What I would like to add here is just that the article might not be all that interesting, weren’t it authored by Robin “Dunbar’s number” Dunbar himself. (more…)
Who wants to appropriate the so-called “eHealth revolution” and put it to commercial use? Just have a read through this scary bit of pharmacom fireside chat freshly published on The Pharmaceutical Executive Magazine website – then we’ll talk.
Thus spoke Sarah Krüg, from the Medical Education Group at Pfizer. Patients empowerment via online databases, open information sharing and web-based self-help groups represents a business opportunity for pharmacoms (but then what doesn’t?). The danger that the biomedical monopoly over health care be replaced by an even more pervasive pharmaceutical merchandising is a clear and present one.
Apomediation and Medicine 2.0 have to proceed in close association with a big dose of vigilance. Vigilance to prevent astroturfing in online communities. Vigilance to be aware of drug-pushing. Vigilance to avoid that bridging the digital divide (the age, sex and socio-economic status gap in accessing online information) doesn’t result in creating a new “eHealth divide” between those who have access to quality online information about health care – and those who are prey of Big Pharma disinformation.
In the wake of the Fukushima nuclear accident, an interesting video has been circulating. Disguised as an educational animation targeting children, it is actually an anonymous pro-nuclear propaganda feature based on a tweet by media artist Kazuhiko Hachiya. Nuclear Boy (a character representing Fukushima Dai-Ichi nuclear plant) has a bad case of stomach-ache. A series of defecation-based incidents ensue. Doctors take turn to ease his condition and hopefully they will help him avoid ‘Tchernobyl diarrea scenario’.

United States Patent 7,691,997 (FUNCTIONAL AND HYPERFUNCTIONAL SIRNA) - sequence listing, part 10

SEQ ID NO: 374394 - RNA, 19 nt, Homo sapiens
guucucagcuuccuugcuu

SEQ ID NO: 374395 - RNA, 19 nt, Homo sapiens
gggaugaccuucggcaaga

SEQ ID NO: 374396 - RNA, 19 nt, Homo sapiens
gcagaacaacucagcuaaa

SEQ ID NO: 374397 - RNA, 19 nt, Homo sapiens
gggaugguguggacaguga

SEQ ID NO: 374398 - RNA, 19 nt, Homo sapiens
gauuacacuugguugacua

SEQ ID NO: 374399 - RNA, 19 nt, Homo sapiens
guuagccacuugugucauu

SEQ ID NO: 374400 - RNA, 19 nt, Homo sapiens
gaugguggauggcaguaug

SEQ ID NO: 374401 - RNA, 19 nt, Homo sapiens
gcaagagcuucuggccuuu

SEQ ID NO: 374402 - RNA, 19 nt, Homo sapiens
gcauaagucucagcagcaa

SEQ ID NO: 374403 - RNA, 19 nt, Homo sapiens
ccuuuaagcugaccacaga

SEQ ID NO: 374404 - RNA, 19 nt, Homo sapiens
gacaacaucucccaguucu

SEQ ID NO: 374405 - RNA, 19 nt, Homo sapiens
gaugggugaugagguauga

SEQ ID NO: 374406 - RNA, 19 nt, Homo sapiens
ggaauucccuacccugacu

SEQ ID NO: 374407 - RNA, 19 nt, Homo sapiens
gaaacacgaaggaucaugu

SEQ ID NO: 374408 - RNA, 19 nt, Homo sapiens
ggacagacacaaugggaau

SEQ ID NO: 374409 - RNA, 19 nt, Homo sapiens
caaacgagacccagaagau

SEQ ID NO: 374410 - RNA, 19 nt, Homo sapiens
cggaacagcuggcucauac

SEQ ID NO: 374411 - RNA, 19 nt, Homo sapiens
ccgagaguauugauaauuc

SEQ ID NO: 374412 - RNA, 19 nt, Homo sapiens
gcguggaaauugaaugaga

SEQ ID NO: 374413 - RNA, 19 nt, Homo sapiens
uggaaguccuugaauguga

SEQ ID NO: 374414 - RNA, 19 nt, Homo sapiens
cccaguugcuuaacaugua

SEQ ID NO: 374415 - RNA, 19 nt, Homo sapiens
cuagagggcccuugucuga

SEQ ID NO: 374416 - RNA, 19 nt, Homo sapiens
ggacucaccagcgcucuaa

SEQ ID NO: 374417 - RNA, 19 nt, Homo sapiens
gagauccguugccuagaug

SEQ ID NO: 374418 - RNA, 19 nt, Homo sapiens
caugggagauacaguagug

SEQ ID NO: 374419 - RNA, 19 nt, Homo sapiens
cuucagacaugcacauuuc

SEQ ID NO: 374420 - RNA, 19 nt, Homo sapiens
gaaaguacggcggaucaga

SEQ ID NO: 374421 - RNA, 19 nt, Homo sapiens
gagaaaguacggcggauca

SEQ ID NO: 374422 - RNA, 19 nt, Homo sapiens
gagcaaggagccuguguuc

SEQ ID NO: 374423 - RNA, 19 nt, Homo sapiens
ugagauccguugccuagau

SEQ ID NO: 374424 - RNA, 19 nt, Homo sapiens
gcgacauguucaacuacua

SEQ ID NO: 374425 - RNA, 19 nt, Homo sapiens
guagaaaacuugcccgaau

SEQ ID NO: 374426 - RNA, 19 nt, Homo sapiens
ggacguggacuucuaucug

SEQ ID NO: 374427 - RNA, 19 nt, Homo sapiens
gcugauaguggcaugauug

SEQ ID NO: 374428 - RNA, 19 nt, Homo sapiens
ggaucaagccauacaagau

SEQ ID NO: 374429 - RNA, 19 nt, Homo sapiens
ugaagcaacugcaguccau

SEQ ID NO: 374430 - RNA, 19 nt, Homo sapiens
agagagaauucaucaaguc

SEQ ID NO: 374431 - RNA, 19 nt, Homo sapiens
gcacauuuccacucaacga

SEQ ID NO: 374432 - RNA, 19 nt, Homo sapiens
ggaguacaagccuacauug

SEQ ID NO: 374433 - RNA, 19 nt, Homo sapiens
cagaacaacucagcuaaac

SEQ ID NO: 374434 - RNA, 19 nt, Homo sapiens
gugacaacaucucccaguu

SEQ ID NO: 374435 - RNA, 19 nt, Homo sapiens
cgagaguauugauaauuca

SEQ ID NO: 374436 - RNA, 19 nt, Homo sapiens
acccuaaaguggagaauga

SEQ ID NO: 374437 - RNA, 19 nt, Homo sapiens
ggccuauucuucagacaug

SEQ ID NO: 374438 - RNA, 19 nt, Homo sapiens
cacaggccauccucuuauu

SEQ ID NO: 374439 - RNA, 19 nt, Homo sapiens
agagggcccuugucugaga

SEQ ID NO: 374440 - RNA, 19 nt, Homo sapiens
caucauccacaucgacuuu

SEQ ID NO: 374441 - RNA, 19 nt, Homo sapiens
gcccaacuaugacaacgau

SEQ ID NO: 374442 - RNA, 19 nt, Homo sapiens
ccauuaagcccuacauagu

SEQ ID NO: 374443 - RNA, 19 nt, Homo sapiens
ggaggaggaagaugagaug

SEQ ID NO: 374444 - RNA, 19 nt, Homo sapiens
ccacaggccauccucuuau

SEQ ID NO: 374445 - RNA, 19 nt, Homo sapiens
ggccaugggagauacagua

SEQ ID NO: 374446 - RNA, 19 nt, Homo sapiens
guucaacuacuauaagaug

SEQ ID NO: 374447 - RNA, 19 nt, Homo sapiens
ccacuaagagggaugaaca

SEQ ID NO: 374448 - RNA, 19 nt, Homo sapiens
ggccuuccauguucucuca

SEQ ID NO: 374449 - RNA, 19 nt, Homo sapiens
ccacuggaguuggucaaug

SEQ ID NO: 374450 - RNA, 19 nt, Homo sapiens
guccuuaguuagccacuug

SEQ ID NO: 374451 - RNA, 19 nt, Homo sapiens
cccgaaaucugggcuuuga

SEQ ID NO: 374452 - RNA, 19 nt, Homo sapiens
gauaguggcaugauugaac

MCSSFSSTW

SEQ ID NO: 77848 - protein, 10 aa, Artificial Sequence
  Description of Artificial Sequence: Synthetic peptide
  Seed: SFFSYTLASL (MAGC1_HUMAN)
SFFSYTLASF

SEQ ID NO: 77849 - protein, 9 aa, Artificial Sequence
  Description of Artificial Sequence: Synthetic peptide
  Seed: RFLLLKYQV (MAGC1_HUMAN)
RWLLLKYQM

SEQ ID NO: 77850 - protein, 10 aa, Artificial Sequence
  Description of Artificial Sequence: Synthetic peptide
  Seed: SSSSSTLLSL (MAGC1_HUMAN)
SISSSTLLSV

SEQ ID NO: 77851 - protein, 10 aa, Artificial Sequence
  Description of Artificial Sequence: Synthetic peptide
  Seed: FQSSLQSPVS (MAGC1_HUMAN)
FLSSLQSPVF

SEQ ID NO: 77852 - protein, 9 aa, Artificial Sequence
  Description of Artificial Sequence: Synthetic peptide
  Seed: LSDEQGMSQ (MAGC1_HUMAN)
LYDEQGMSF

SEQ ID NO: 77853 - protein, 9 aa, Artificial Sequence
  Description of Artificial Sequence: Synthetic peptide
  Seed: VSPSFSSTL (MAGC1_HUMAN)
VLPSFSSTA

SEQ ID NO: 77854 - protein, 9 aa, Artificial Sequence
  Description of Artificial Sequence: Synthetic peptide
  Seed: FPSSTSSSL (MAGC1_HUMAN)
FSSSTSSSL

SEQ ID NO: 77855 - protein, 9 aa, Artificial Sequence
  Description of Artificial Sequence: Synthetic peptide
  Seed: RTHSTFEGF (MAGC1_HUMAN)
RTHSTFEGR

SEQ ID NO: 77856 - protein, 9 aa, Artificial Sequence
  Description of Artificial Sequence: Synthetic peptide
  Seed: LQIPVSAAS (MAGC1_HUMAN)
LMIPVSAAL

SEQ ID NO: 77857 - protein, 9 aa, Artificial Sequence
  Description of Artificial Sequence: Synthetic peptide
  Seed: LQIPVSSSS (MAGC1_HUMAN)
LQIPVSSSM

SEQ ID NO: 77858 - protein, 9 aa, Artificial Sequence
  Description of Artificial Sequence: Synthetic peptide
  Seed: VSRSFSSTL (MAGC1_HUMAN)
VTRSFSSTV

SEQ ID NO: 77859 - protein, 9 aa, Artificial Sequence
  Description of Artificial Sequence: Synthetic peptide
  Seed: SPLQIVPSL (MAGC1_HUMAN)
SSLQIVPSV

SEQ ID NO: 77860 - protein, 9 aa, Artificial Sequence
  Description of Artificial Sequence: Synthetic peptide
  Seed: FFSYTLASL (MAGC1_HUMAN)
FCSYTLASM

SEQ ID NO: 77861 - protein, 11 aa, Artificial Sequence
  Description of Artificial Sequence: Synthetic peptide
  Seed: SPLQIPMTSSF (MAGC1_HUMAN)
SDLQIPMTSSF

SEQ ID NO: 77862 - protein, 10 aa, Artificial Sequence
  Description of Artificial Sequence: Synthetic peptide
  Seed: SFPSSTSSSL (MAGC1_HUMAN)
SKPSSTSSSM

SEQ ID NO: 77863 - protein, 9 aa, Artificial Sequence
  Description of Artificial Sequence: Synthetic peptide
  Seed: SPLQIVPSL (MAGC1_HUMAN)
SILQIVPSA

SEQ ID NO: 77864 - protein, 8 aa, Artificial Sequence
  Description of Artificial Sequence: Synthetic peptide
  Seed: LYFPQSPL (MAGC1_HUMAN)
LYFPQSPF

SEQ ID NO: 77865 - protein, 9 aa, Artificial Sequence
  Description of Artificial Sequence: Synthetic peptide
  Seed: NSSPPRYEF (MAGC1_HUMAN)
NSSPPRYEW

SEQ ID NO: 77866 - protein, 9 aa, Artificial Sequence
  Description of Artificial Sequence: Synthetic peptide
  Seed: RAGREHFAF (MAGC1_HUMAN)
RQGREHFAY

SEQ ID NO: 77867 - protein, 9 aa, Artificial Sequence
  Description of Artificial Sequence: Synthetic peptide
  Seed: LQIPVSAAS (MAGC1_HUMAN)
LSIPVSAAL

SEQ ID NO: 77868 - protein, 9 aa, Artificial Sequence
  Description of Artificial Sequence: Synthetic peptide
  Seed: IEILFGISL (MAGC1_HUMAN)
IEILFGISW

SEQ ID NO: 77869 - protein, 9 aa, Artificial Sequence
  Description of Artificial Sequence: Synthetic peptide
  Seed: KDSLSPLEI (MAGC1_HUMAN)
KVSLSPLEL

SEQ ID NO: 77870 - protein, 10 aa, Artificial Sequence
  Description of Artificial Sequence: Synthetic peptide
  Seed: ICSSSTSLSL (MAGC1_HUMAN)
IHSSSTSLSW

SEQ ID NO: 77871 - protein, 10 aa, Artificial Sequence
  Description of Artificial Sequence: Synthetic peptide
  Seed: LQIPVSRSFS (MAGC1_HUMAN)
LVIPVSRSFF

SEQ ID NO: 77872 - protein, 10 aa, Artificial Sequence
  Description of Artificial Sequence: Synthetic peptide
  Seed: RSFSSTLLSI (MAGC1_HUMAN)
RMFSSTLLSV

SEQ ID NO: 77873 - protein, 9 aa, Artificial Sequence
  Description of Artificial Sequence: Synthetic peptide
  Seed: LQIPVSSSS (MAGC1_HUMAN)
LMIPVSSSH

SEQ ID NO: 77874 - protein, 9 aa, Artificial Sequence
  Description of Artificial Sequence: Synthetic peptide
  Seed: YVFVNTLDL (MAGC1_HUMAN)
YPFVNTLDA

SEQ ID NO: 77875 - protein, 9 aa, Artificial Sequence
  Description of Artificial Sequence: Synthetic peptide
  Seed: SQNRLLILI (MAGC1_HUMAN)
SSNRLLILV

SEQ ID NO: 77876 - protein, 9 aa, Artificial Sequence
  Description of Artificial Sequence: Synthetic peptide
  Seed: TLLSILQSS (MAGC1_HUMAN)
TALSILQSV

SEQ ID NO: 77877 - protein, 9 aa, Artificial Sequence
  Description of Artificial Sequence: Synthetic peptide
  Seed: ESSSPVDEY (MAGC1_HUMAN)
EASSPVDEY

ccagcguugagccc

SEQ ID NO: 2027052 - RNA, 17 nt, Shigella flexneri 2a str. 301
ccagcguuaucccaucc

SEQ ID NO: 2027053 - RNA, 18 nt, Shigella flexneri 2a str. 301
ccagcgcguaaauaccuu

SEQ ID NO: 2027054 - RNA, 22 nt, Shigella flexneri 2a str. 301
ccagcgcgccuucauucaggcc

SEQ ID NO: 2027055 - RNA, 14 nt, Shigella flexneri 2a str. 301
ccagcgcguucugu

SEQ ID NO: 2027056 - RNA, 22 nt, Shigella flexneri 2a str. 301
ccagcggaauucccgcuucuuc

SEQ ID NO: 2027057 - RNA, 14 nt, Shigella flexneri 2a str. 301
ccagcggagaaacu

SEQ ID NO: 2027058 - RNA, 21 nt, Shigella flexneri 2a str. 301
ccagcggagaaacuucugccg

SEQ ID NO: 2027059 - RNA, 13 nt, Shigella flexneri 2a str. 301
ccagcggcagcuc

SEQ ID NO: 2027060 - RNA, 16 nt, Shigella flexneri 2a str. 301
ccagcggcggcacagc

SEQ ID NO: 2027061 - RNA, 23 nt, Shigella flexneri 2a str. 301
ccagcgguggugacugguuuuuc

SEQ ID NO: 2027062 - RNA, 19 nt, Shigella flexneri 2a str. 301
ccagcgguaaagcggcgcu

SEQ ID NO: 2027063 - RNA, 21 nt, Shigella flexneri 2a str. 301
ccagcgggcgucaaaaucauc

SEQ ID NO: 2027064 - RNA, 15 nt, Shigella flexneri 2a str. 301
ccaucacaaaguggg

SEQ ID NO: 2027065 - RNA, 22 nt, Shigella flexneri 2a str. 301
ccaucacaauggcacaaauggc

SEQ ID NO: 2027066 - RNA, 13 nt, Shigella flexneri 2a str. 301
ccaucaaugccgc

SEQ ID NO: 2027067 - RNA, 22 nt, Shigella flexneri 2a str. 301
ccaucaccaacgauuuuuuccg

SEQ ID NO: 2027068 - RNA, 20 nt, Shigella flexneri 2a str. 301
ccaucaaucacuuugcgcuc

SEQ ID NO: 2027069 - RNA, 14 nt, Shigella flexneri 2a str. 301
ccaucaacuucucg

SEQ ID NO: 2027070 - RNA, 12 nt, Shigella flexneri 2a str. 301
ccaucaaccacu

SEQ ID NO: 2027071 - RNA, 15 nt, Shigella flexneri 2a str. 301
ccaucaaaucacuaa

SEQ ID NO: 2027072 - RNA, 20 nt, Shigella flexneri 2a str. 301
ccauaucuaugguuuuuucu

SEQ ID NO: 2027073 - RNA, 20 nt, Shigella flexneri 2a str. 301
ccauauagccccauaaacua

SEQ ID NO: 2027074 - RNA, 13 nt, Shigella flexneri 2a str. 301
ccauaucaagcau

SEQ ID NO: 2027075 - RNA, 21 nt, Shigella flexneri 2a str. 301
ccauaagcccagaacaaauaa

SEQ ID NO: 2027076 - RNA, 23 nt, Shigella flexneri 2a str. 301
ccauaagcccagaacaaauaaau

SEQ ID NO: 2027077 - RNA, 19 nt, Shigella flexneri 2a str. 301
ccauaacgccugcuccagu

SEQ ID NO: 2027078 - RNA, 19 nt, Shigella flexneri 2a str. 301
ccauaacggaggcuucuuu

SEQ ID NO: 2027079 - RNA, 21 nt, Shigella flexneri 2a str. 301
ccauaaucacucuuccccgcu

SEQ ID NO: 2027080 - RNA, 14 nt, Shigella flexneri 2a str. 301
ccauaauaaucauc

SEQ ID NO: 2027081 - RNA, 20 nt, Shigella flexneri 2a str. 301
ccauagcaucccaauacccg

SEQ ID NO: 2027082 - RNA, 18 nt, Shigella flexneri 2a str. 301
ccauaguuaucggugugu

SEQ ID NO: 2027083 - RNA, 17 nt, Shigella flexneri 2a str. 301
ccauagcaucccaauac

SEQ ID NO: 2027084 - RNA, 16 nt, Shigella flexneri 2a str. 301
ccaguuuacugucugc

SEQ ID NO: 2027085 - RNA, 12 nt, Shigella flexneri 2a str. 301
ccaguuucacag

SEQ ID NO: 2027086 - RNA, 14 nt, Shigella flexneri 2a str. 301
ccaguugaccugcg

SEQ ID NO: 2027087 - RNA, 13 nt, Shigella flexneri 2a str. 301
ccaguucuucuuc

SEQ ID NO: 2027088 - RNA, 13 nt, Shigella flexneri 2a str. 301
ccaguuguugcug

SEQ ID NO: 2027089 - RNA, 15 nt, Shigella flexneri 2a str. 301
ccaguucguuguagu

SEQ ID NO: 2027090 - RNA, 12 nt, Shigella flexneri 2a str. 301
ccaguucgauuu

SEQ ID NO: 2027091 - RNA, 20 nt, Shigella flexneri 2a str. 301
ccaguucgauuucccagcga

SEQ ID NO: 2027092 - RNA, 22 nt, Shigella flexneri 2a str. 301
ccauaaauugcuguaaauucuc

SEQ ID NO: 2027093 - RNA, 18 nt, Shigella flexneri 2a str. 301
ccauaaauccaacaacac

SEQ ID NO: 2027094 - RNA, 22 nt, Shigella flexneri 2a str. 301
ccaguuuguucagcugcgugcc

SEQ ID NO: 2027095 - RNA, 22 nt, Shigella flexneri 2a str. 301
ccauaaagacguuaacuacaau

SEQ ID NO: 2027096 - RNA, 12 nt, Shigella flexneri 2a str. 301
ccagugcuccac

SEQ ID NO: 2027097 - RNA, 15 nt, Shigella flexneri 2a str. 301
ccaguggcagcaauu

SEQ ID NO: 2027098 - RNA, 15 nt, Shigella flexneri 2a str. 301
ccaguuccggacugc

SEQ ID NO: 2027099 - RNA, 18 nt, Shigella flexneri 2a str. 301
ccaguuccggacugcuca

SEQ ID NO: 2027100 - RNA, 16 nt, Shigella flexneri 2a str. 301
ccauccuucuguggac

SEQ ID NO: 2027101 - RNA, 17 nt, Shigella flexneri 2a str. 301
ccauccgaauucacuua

Scatological humor aside, what is interesting here is the concurring efforts to medicalize and to naturalize a nuclear disaster. If the explosion of a reactor is comparable to defecation, it becomes a natural bodily function. It is thus inscribed in the normal course of events. It is even vital that Nuclear Boy ‘passes some gas’ at some point. In this case, like in others I’ve been discussing in this blog, the negative effects of human-made technologies are normalized by inscribing them into a medical discourse about the body. As far as medical knowledge is summoned up to provide scientific backing to the claim that ‘everything is for the best’, the entire event becomes a moralizing hygiene lesson comparable to those that early 20th institutions used to deliver to the masses.
Recently, the New York Times’s blog dealing with health and medicine, Well, featured an interesting piece on Desktop medicine. The author Pauline W. Chen, M.D., maintains that medical profession has been profoundly changed by the advent of desktop computers. In the past, doctoring was all about “sitting at patients’ bedside”. Today, it’s basically about staring at a screen. The article is quick to point out that this reflection is not exempt from a certain nostalgic idealization of the past.
I would add that saying that “we have gone from bedside medicine to desktop medicine” as a bit of an ideological dimension to it, too – as far as it relies on a technodeterministic meta-narrative (“computer-mediated communication is superseding face-to-face social interaction”, “machine automation replace human labour”, “robots will rule the world”, and so on). (more…)
La quatrième séance de mon séminaire EHESS Corps et TIC : approches socio-anthropologiques des usages numériques a eu lieu le jeudi 27 janv. 2011. Le sujet traité : e-santé, médecine 2.0, le rôle des professionnels de santé, des collectifs de militants des droits des patients et des pouvoirs étatiques. Voici, comme d’habitude, les slides.